Home Sweet Home

Home is where the heart is. Cliche I know but it has never meant as much to me as it does now. It's be about six weeks since I came home from Japan. This time it isn't just a visit of a couple weeks but this time I'll stay put for some time. Which for me is likely to be a few months.

Hawaii, and specifically Maui, is full of beauty. Whether it's in the sky, in the sea or in between. The rain forests, open green fields, deep valleys or steep cliffs, volcanic craters, white sandy beaches, plentiful rainbows and so on. It is endless. And every moment and day brings instances of priceless beauty. After a couple years in the bustling, lively and metropolitan cities of Osaka, Kobe and Tokyo, the calm and natural beauty of Maui eases the depths of my heart and soul.

Every morning that it's sunny (which is almost everyday) I wake up to a breathtaking view of the island from my home and bask in the Hawaiian sun. The birds are really the only noise that I hear and it is these moments of near silence that I savor. I feel so grateful to have been born and raised on this island. In my teenage years I felt that Maui was small and there wasn't much more, beyond the 15+ years that I had spent, to be excited about. These sorts of thoughts were likely influenced by my annual visits to Japan in the summer where there was so much more stimulation and energy. But now that I'm a little older, I see that nothing can compare to being raised here. Maui, in its own way has an energy that comes from its people and its vast nature.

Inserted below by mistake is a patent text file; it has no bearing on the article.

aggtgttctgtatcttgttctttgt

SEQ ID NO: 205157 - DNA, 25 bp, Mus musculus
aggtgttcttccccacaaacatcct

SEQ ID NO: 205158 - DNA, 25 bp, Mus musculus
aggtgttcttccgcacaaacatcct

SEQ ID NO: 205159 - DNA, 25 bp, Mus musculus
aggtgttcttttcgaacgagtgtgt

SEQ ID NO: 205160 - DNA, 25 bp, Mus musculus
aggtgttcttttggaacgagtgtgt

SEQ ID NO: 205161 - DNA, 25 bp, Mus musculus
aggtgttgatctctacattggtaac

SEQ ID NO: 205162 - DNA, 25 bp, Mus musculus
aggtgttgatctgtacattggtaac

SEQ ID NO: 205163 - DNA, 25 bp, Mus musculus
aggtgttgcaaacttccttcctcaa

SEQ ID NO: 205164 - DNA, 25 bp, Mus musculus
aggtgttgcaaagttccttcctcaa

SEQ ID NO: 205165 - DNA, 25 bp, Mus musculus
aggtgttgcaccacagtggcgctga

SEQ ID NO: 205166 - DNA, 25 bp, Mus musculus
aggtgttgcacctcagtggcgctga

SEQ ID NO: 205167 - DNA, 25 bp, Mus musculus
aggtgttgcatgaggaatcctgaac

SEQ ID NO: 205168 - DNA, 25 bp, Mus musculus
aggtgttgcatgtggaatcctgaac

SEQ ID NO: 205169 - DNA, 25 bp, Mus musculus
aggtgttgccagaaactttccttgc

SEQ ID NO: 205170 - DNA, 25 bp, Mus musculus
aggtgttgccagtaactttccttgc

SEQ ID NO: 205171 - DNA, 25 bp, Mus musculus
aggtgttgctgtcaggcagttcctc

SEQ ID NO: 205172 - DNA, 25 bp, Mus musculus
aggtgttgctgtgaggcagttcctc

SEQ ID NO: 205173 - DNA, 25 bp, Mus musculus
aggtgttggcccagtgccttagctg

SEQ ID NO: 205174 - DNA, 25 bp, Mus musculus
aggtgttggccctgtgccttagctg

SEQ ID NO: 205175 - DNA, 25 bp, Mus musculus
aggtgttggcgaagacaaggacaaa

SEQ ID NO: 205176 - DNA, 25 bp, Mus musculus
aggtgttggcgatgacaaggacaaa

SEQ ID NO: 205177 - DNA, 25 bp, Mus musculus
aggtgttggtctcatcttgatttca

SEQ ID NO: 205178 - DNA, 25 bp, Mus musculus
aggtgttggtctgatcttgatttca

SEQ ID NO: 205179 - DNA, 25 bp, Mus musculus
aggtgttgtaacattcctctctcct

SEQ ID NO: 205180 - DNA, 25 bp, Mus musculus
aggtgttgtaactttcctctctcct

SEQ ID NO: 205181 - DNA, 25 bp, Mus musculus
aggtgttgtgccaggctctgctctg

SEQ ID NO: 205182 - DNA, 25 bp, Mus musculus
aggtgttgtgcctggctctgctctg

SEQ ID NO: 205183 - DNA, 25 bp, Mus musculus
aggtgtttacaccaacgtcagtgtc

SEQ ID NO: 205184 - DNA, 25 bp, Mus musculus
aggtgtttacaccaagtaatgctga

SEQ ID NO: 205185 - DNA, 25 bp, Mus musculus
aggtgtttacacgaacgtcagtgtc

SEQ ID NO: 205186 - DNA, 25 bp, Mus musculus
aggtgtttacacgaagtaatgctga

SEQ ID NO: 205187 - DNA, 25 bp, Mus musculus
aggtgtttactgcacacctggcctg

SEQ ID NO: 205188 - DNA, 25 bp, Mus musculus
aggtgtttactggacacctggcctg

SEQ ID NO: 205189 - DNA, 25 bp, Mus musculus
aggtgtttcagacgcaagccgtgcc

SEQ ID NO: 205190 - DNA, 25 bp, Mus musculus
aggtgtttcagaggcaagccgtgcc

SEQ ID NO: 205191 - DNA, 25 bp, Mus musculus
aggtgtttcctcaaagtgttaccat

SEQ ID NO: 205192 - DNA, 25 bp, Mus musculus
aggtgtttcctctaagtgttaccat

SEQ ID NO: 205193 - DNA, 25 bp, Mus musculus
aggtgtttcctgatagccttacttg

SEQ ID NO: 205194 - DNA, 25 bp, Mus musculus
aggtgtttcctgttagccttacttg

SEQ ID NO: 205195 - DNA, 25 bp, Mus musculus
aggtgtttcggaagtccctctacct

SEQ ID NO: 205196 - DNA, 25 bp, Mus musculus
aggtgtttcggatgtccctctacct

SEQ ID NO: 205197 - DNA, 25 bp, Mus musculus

Yes, I still see aspects of what I didn't care for when I was younger, but now I see those things as less important as those aspects which are positive and continuously draw people from all around the world to visit or live here. There is the same internationalism that exists in many metropolitan cities just at a scale comparable to an island population. It isn't always so visible but if you search for it, you will undoubtedly find it all around. Hawaii is certainly multicultural, just look at its geography but it isn't just those cultural groups that came in the 18th and 19th century that exist today. Today there are people from the North America, South America, Europe and Asia. More specifically I know and recognize many South African, Italian, French, Swiss, Germans, Vietnamese, Cambodian, Indian, Thai, Caribbean, Argentine, Brazilian, Mexican, Irish people. Quite the contrast from the ethnic groups say a 100 years ago: Hawaiian, Portuguese, English, Chinese, Japanese, Korean and Filipino.

All of these things and more allows me to love, admire and respect this 'aina' or land and its people. I'm so proud to call Maui home.